As a civil engineer, I now describe myself as a ‘climate change engineer’, and in the battle against climate change, I’m losing.

I’ve been proud to do this job for our capital city for 31 years and have seen many changes in that time, but nothing as profound and frightening as the manmade changes to our climate.

Now for some good news.

On January 7th 2019, Wales became a global leader in an arm of sustainability, but I bet you didn’t know that.

Yet on that date, Wales was the first - and still the only - nation on the planet to have statutory legislation for sustainable drainage (SuDS).

The National Wales:

The National Wales:

Before and after photographs showing Bargoed Street in Grangetown, Cardiff, after Greener Grangetown's SuDS retrofit project, the UK's most award winning example of its type. Source: ARUP

It all stemmed from severe floods 15 years ago and a Westminster report called the Pitt Review. It made a series of recommendations, which included making sustainable drainage a legal requirement in certain circumstances.

The housing lobby in Westminster blocked this element of the recommendations, but it fell under a devolved area of competence. The Welsh Government chose to consult on it and after a few changes, enacted for Wales ‘Schedule 3 of the Flood and Water Management Act 2010’.

Here, any development where over 100sq m of run-off from rainfall materially changes due to the development, you need an SAB approval to build.

An SAB is a SuDS Approval Body which approves or rejects an application based on six statutory standards, including flood risk, water quality, biodiversity, amenity and long-term maintenance/ownership.

It’s fair to say that this legislation has caused a few challenges for councils, developers, designers, architects and anyone involved in development. The powers of an SAB are the same as in planning but independent of them.

Each of Wales’ 22 councils have an SAB role, but it’s also reasonable to accept that we are not wholly consistent in our interpretation. Yet, could it not be argued that the 22 planning bodies within those councils also have varying approaches?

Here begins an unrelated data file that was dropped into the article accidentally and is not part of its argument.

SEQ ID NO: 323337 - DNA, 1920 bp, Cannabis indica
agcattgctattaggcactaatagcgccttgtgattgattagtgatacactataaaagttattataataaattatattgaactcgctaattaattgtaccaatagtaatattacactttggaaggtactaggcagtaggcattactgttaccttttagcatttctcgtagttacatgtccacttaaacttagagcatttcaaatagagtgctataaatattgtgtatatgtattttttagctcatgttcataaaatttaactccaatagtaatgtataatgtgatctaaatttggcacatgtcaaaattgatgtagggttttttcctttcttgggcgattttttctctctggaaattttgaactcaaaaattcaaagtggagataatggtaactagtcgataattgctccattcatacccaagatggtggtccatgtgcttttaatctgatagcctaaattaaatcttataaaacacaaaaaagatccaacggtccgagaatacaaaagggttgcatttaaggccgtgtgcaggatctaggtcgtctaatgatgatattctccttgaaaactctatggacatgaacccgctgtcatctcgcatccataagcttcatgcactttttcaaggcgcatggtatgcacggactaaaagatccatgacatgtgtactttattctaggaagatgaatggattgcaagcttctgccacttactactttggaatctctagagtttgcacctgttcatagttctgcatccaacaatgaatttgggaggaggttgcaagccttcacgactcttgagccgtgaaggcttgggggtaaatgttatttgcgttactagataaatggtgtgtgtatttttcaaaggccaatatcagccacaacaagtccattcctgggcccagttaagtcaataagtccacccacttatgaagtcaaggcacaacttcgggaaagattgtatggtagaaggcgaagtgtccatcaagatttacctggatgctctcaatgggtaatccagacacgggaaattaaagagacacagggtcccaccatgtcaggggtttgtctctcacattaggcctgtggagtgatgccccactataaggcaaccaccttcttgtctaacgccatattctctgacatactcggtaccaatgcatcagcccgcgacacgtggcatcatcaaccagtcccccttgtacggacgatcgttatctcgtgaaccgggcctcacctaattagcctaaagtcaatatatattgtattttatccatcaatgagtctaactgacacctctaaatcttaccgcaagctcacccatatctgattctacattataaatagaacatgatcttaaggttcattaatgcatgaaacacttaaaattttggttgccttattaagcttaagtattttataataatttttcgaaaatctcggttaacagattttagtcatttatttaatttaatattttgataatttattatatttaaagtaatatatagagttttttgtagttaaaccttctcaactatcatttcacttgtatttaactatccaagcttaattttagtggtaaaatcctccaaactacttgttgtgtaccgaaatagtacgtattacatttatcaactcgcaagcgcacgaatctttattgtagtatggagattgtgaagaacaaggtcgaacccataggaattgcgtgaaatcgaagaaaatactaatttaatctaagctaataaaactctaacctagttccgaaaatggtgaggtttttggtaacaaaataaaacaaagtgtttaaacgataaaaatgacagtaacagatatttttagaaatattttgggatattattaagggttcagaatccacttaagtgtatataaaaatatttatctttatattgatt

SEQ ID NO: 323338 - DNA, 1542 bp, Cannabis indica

The good news is that devolution has given Wales the opportunity to be a genuine global leader in this area of engineering and development, and at a time when there has never been more interest in all things drainage.

From my experience in the industry, doing the right thing will not be the norm unless legislation insists upon it. In Wales we can insist on the best solutions and if designed well, these are the best solutions for everyone.


The Welsh Government has worked hard to make the legislation work and, behind the scenes, is looking to have more consistency and support for SABS. From the coal face, we feel enormous responsibility to make the laws work, as the industry desperately wants us to succeed.

So what does the legislation mean? Well, the trick is to treat surface water management like a service that is provided to a new housing estate for example. We can all think of electricity, gas, telecoms and drinking water as services, but why not surface water too?

It’s actually the very hardest to design for as it relies on gravity, it falls when it wants and also in very unpredictable ways. In spite of that, I’m sure you can imagine which service is always designed last instead and first. 

However, that is where Welsh SuDS laws come in. They effectively force you to design for rain at the start instead of the end of a project layout. The end result is a cheaper solution, a better place to live and work, and simply a better design.

Is it really that simple? Well, yes it is. These unique Welsh laws mimic natural drainage in an urban environment, so why try and improve on nature?

SuDS also deliver multi-benefits; this is a buzz-phrase that, when translated, means you get more for your money - a lot more.

It’s all about making new developments cleaner and greener. And as we come to the end of a mammoth COP26 in Scotland, let’s remember that in one area of climate change, devolution has enabled Wales to be a true global leader.

Ian Titherington graduated with a Civil Engineering degree from the Polytechnic of Wales in 1990, and has since worked in various engineering roles within Cardiff Council, predominately specialising in drainage. He devised the brief for Greener Grangetown more than ten years ago, after working on a series of outfall intercepting pumping stations around Cardiff Bay, prior to its impoundment with the construction of Cardiff Bay barrage.

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